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Building Products October 2017

DAMP PROOFING, SEALANTS AND ADHESIVES DEAL WITH DAMP BEFORE YOU INSULATE With reforms to the Energy Company Obligation (ECO) scheme being announced in the spring, Hudson Lambert considers the implications in the context of Cavity and External Wall Insulation. Designed to help reduce carbon emissions or amplify existing, damp problems and waste thousands of pounds in potentially harmful works. While EWI is an effective way of cutting energy costs, it can – in the absence of a proper survey and subsequent treatment – make existing damp problems very much worse by simply trapping it inside the walls, and driving it into a building’s interior. By covering the external surface of the wall, moisture will be prevented from escaping through evaporation. This evaporation results in the telltale OCTOBER 2017 | BUILDING PRODUCTS 67 and tackle fuel poverty, the Government energy efficiency Energy Company Obligation (ECO) scheme has been revised for 2017-2018 and there are new considerations for measures installed from April 1. Prior to the election, Jesse Norman, then minister for energy and industry, announcing reforms to the ECO scheme (now technically known as ECO2t), said: “The Government is committed to tackling fuel poverty, and a key part of that is to help people keep bills down by living in more energy efficient homes”. This ‘commitment’ and the reforms to ECO mean that whereas previously 36% of ECO funds were spent on reducing fuel poverty, 70% of ECOs are now allocated to that task. Admittedly, this is not quite so impressive when we note that the annual value of ECOs has fallen from £1.3bn per year in 2013, when the scheme first started, to an estimated £640m a year now – so that the amount spent on fuel poverty will be less. The scheme ‘obligation’ has two distinct elements: the Carbon Emissions Reduction Obligation and Home Heating Cost Reduction Obligation, also known as ‘Affordable Warmth’ – both of which encompass various types of wall insulation as “primary measures” to meet them. However, while the reforms mean that some of the ECO funding continues to target such ‘primary measures’ on properties that would be benefit from solid wall or cavity insulation, even if ‘hardto treat’; such cases now receive a smaller piece of a much smaller pie. The minimum number of External Wall Insulation (EWI) installations that must be delivered has fallen from 25,000 to 21,000 – and it would have been less, had the industry not protested during the consultation period. The hope was that ECO schemes would pump prime the EWI industry, so that it could continue to offer signs that lead to the detection of rising damp, good value solutions to the public. especially as the condition can be hidden and, However, with 21,000 EWI installations mooted, care must still be taken not to create new, Continued on page 68 >>>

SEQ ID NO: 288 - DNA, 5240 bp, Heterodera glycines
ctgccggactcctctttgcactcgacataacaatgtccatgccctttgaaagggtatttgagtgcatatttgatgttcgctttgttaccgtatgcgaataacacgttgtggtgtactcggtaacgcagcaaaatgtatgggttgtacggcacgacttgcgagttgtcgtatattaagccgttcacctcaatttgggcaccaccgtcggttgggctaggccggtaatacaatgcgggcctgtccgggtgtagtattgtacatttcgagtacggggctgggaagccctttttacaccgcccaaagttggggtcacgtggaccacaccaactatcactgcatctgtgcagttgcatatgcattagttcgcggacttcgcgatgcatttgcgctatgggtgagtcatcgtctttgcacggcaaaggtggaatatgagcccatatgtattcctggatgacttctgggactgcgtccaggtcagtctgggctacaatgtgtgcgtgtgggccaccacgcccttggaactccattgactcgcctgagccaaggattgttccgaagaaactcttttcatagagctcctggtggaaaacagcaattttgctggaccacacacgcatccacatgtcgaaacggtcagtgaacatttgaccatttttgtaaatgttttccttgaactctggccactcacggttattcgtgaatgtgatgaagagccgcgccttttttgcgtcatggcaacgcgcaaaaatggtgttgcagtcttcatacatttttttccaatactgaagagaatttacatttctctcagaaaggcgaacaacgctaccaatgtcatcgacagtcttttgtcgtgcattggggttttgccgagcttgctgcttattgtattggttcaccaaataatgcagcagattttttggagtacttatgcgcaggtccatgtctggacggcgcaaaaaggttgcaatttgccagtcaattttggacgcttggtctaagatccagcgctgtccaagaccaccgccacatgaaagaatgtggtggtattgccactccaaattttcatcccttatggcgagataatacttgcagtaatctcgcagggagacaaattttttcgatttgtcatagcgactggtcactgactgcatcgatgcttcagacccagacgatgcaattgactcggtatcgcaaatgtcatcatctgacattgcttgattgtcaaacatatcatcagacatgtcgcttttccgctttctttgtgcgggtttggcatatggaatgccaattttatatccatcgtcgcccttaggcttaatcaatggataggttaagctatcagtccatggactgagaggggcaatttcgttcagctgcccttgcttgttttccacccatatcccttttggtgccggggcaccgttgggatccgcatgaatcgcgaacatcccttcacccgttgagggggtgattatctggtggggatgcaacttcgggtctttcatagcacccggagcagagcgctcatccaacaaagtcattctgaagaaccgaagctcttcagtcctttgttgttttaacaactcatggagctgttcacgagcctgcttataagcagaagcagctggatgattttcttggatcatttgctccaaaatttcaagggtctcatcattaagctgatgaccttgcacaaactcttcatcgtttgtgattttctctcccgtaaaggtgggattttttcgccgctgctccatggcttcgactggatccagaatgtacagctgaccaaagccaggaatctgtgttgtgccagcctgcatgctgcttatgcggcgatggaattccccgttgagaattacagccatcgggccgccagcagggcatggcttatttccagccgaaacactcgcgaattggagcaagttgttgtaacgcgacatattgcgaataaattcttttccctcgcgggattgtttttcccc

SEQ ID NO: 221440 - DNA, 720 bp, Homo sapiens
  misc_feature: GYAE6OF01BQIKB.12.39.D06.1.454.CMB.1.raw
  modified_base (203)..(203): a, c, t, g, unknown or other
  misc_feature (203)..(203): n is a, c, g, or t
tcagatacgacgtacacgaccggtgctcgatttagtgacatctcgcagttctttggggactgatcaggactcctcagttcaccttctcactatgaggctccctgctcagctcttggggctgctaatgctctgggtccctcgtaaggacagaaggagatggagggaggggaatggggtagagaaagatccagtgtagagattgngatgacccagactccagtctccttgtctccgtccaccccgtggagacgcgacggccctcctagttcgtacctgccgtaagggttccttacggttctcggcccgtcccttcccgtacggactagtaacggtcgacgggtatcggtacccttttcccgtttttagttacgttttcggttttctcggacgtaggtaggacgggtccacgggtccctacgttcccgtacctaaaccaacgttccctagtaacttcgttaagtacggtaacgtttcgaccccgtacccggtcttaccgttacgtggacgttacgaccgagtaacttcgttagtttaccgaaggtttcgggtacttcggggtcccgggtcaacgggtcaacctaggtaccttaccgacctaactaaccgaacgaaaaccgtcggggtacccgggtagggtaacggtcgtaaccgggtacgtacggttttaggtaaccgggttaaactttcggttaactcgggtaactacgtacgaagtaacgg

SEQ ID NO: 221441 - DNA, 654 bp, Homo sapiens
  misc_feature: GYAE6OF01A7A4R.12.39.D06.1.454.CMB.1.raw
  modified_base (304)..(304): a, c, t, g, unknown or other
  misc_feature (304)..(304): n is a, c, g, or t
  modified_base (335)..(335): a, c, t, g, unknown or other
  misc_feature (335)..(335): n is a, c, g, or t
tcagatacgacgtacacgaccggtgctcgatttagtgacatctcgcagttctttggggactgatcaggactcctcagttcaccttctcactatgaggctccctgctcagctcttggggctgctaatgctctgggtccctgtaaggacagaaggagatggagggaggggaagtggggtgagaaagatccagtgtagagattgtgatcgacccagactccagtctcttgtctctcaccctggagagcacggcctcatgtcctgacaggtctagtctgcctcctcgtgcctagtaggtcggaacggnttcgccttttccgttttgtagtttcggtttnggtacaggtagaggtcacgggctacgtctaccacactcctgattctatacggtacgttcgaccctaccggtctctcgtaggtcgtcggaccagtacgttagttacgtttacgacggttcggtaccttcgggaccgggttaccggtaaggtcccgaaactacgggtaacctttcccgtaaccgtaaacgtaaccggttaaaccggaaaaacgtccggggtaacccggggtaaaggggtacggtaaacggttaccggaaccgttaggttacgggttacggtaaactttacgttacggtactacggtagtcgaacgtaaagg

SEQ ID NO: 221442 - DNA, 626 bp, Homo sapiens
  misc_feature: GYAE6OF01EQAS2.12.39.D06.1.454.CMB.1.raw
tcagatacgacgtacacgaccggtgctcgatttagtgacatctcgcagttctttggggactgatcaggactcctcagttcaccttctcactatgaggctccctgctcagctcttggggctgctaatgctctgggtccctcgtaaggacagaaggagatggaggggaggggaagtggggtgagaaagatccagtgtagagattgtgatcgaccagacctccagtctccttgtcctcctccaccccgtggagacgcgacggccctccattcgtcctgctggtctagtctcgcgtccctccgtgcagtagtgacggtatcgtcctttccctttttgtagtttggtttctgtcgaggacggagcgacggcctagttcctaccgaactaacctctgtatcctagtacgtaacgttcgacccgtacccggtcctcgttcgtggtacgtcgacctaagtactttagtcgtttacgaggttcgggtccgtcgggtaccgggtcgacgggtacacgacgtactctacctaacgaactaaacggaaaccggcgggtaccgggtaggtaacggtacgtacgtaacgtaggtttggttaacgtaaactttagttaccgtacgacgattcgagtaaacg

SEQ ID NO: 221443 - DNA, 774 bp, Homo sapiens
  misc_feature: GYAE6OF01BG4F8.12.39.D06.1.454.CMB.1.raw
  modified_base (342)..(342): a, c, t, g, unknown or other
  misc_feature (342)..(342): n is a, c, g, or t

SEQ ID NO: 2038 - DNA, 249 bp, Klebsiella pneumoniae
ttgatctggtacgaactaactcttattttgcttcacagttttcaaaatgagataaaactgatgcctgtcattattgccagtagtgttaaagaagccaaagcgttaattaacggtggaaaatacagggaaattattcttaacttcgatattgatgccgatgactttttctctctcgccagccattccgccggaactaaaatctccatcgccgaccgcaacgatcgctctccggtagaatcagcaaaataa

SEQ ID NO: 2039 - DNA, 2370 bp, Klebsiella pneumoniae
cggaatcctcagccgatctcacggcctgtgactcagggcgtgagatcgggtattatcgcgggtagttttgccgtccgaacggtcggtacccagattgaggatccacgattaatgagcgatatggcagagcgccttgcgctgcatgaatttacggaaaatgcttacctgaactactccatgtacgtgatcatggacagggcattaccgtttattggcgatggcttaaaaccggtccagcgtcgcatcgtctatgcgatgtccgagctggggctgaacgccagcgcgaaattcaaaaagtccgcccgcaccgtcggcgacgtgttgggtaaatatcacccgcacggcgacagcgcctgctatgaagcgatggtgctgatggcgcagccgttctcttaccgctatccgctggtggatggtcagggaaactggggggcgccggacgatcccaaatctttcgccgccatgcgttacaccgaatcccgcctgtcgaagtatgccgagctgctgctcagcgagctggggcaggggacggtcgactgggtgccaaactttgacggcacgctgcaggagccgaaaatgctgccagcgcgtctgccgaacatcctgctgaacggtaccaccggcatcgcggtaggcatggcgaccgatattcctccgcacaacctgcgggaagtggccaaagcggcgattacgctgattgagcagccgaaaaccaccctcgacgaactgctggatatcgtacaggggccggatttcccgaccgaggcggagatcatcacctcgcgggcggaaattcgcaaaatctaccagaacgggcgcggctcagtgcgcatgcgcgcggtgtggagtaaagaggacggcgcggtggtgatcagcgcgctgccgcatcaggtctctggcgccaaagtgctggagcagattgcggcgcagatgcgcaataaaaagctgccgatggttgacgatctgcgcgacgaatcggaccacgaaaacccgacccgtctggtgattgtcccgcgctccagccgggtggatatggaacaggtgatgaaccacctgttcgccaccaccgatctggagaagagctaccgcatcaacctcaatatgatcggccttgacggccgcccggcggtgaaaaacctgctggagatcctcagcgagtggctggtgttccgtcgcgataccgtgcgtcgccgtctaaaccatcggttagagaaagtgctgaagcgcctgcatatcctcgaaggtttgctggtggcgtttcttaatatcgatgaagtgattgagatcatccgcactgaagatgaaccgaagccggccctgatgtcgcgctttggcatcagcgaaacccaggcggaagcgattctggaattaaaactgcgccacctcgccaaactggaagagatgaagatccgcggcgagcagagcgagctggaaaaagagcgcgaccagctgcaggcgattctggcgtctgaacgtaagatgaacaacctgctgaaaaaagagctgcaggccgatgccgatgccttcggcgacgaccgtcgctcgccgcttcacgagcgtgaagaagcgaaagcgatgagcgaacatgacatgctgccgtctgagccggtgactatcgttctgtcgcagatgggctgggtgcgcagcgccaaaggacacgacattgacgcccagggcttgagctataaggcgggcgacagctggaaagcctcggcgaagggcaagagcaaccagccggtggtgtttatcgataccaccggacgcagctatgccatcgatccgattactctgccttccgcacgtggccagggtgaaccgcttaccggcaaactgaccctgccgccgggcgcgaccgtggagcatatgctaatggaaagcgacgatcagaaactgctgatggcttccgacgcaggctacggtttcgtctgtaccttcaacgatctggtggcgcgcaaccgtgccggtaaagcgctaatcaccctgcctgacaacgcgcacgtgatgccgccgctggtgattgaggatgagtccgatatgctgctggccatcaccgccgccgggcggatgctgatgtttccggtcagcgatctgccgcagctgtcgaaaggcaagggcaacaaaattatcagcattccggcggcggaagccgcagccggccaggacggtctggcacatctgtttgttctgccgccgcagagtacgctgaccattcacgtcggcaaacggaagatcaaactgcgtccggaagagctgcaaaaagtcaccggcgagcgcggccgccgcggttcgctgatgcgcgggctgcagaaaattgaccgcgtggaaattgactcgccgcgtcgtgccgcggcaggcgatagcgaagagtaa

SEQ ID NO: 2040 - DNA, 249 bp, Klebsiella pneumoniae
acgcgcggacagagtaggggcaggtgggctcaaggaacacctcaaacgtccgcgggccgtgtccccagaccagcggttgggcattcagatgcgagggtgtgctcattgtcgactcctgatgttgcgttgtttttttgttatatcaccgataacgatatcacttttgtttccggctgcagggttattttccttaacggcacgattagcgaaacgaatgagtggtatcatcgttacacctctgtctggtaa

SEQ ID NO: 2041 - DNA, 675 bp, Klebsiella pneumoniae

Building Products October 2017
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